- Associated Press - Thursday, December 11, 2014
Kentucky: No tax breaks for Noah’s Ark project

LOUISVILLE, Ky. (AP) - Kentucky has withdrawn its offer of tax breaks for a religious-themed park that would feature a 500-foot-long wooden ark because its organizers plan to screen park employees based on religion.

The planned Ark Encounter park has evolved from a tourism attraction into an outreach for the Christian ministry that is building it, state Tourism Secretary Bob Stewart said in a letter to the group’s lawyer on Wednesday.

“Certainly, Ark Encounter has every right to change the nature of the project from a tourism attraction to a ministry,” Stewart wrote in the letter. “However, state tourism tax incentives cannot be used to fund religious indoctrination or otherwise be used to advance religion.”

The long-planned attraction is being built by a nonprofit subsidiary of Answers in Genesis, the Kentucky-based Christian ministry that operates the popular and controversial Creation Museum. Foundation work and earth-moving are underway at the site in Grant County near Williamstown.

Mark Looy, vice president for outreach at Answers in Genesis, said in an email Wednesday evening that the group is exploring its legal options.

The project had received preliminary approval in July for up to $18 million in tax rebates.

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Kentucky: No tax breaks for Noah’s Ark project

LOUISVILLE, Ky. (AP) - Kentucky has withdrawn its offer of tax breaks for a religious-themed park that would feature a 500-foot-long wooden ark because its organizers plan to screen park employees based on religion.

The planned Ark Encounter park has evolved from a tourism attraction into an outreach for the Christian ministry that is building it, state Tourism Secretary Bob Stewart said in a letter to the group’s lawyer on Wednesday.

“Certainly, Ark Encounter has every right to change the nature of the project from a tourism attraction to a ministry,” Stewart wrote in the letter. “However, state tourism tax incentives cannot be used to fund religious indoctrination or otherwise be used to advance religion.”

The long-planned attraction is being built by a nonprofit subsidiary of Answers in Genesis, the Kentucky-based Christian ministry that operates the popular and controversial Creation Museum. Foundation work and earth-moving are underway at the site in Grant County near Williamstown.

Mark Looy, vice president for outreach at Answers in Genesis, said in an email Wednesday evening that the group is exploring its legal options.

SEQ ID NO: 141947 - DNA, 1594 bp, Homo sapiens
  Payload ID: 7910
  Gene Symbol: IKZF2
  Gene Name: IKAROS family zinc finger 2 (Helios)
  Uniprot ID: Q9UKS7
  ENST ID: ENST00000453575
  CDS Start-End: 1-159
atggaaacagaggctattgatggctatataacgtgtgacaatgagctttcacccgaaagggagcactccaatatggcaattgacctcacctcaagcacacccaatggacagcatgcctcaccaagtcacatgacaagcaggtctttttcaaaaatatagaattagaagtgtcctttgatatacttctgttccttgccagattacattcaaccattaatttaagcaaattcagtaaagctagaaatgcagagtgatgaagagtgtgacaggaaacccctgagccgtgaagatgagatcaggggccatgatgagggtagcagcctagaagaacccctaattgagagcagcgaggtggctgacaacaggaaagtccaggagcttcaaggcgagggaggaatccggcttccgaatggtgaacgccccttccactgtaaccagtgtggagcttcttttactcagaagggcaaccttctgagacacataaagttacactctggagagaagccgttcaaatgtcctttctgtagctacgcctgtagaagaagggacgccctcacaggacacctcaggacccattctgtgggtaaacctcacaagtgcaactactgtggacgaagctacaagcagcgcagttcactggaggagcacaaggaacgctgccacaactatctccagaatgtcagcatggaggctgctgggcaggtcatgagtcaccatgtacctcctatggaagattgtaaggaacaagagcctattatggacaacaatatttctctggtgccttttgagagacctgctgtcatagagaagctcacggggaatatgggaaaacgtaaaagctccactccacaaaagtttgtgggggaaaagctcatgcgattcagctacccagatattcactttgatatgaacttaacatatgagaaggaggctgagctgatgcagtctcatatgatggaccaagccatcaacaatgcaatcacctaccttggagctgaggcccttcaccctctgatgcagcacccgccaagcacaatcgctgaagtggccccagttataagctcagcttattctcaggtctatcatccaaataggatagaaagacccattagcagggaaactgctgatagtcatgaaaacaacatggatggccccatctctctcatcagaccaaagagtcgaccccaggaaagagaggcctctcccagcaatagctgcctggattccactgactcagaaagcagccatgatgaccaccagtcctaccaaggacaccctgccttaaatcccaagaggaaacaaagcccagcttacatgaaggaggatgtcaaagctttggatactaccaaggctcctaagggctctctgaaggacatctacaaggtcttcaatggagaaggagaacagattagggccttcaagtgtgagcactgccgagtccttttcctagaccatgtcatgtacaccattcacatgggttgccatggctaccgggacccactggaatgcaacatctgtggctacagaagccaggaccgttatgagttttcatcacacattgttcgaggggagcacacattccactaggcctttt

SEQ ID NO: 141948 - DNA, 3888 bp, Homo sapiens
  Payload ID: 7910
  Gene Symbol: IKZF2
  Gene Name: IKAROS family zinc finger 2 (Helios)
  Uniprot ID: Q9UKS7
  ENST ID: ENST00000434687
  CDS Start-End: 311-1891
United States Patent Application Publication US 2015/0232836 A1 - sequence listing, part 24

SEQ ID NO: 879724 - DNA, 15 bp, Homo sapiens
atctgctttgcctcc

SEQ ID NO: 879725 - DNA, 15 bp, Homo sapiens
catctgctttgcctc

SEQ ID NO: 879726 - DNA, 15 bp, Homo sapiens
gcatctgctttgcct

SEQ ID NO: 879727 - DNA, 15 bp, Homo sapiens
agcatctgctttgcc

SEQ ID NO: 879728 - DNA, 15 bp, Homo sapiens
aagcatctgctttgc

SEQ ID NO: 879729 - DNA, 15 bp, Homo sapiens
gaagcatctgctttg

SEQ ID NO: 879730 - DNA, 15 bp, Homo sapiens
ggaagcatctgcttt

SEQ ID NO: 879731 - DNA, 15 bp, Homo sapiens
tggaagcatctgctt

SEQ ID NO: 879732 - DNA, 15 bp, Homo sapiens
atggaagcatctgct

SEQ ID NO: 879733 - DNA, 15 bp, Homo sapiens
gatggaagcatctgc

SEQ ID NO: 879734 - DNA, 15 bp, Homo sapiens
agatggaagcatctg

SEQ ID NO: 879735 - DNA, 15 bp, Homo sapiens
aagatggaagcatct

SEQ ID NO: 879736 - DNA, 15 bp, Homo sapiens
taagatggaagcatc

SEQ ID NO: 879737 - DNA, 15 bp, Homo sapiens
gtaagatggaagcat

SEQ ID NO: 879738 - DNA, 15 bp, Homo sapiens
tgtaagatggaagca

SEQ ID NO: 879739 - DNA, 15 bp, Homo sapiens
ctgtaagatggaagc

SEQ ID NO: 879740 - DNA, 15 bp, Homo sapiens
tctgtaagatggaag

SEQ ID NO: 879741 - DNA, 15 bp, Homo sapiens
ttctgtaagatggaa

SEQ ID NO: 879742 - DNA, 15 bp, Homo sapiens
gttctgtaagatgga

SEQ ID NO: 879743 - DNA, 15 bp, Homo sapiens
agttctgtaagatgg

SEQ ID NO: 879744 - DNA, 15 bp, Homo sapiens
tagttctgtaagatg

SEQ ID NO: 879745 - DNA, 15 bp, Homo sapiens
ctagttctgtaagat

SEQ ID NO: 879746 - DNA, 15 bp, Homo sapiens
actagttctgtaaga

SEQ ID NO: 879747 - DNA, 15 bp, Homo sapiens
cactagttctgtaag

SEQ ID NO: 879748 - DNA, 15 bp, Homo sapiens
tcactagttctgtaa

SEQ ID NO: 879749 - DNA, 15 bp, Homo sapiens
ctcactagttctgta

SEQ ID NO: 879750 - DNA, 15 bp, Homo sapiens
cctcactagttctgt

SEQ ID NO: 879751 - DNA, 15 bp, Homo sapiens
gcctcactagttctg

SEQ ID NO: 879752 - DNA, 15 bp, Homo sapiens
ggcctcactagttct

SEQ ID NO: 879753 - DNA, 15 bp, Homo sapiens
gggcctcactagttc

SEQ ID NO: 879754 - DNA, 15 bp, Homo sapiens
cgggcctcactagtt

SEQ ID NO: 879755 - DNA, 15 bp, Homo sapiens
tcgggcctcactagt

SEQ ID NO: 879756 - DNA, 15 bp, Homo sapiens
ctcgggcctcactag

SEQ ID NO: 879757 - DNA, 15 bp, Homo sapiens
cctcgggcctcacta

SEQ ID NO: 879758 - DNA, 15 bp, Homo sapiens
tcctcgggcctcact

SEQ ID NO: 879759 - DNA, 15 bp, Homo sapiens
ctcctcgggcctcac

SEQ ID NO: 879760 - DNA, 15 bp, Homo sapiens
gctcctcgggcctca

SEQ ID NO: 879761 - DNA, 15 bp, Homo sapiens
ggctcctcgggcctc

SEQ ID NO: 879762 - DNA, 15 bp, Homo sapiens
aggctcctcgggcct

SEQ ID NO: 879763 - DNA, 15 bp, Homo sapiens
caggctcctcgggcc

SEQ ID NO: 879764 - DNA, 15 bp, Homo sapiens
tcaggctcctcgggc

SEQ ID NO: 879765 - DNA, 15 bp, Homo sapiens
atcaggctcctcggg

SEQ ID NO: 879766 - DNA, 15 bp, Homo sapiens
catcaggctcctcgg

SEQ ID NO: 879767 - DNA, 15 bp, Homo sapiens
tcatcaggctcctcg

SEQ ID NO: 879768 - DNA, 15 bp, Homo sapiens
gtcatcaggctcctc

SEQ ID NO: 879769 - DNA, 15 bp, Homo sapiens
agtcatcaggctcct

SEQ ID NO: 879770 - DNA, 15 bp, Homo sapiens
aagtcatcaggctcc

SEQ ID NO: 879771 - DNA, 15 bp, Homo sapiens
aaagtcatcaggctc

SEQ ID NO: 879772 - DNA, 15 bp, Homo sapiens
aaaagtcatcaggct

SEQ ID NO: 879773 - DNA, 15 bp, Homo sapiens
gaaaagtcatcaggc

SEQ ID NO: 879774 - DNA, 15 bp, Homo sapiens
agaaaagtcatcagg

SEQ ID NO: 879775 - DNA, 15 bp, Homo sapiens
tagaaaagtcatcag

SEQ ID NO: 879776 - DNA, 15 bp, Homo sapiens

The project had received preliminary approval in July for up to $18 million in tax rebates.

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Bourbon tourism gets new shot of momentum

LOUISVILLE, Ky. (AP) - Bourbon tourism in Kentucky’s largest city received another shot of momentum Wednesday when the spirits giant behind the Jim Beam brand said it plans to open a whiskey-related attraction featuring a small working distillery.

The Jim Beam Urban Stillhouse is expected to open next year in a downtown entertainment district, Beam Suntory Inc. said. Its request for tax incentives related to the multi-million-dollar project won preliminary approval Wednesday from the Kentucky Tourism Development Finance Authority.

The venture will offer a “hands-on opportunity to experience the heritage and craftsmanship of bourbon,” said Beam Suntory vice president Kevin Smith.

Beam Suntory becomes the latest big name in bourbon to open or roll out plans for projects in Louisville to tap into the growing popularity of getting a firsthand look at Kentucky’s $3 billion bourbon industry - and sampling the state’s signature spirit.

Last year, the the Evan Williams Bourbon Experience opened just steps from where the whiskey pioneer who inspired the Heaven Hill Distilleries Inc. brand fired up his own stills two centuries ago.

Earlier this year, Brown-Forman Corp. said it will build a downtown distillery to produce Old Forester bourbon, its founding brand. The facility will be open to tours and will have a tasting room, exhibits and bourbon-making demonstrations.

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Parole denied for Kentucky woman in Knoxville case

KNOXVILLE, Tenn. (AP) - A parole board has denied release for a Kentucky woman convicted of facilitation in the 2007 torture-slaying of a Knoxville woman.

WATE-TV in Knoxville (https://bit.ly/1ICFjk4https://bit.ly/1ICFjk4 ) reports Coleman, of Lebanon, Kentucky, was denied parole on Wednesday at a hearing in Nashville. She is serving a 35-year sentence.

The station said more than 45 people attended the hearing to oppose parole for the 26-year-old Coleman. She will not be up for parole again until December 2020.

Deena and Gary Christian described the pain they feel over the loss of their 21-year-old daughter, Channon. Gary Christian said he would “give anything” for time with her.

Coleman told the board she made a mistake and is a “changed person.”

Coleman was acquitted of any crimes against Christian’s boyfriend, Christopher Newsom, who was raped and shot and his body set on fire.


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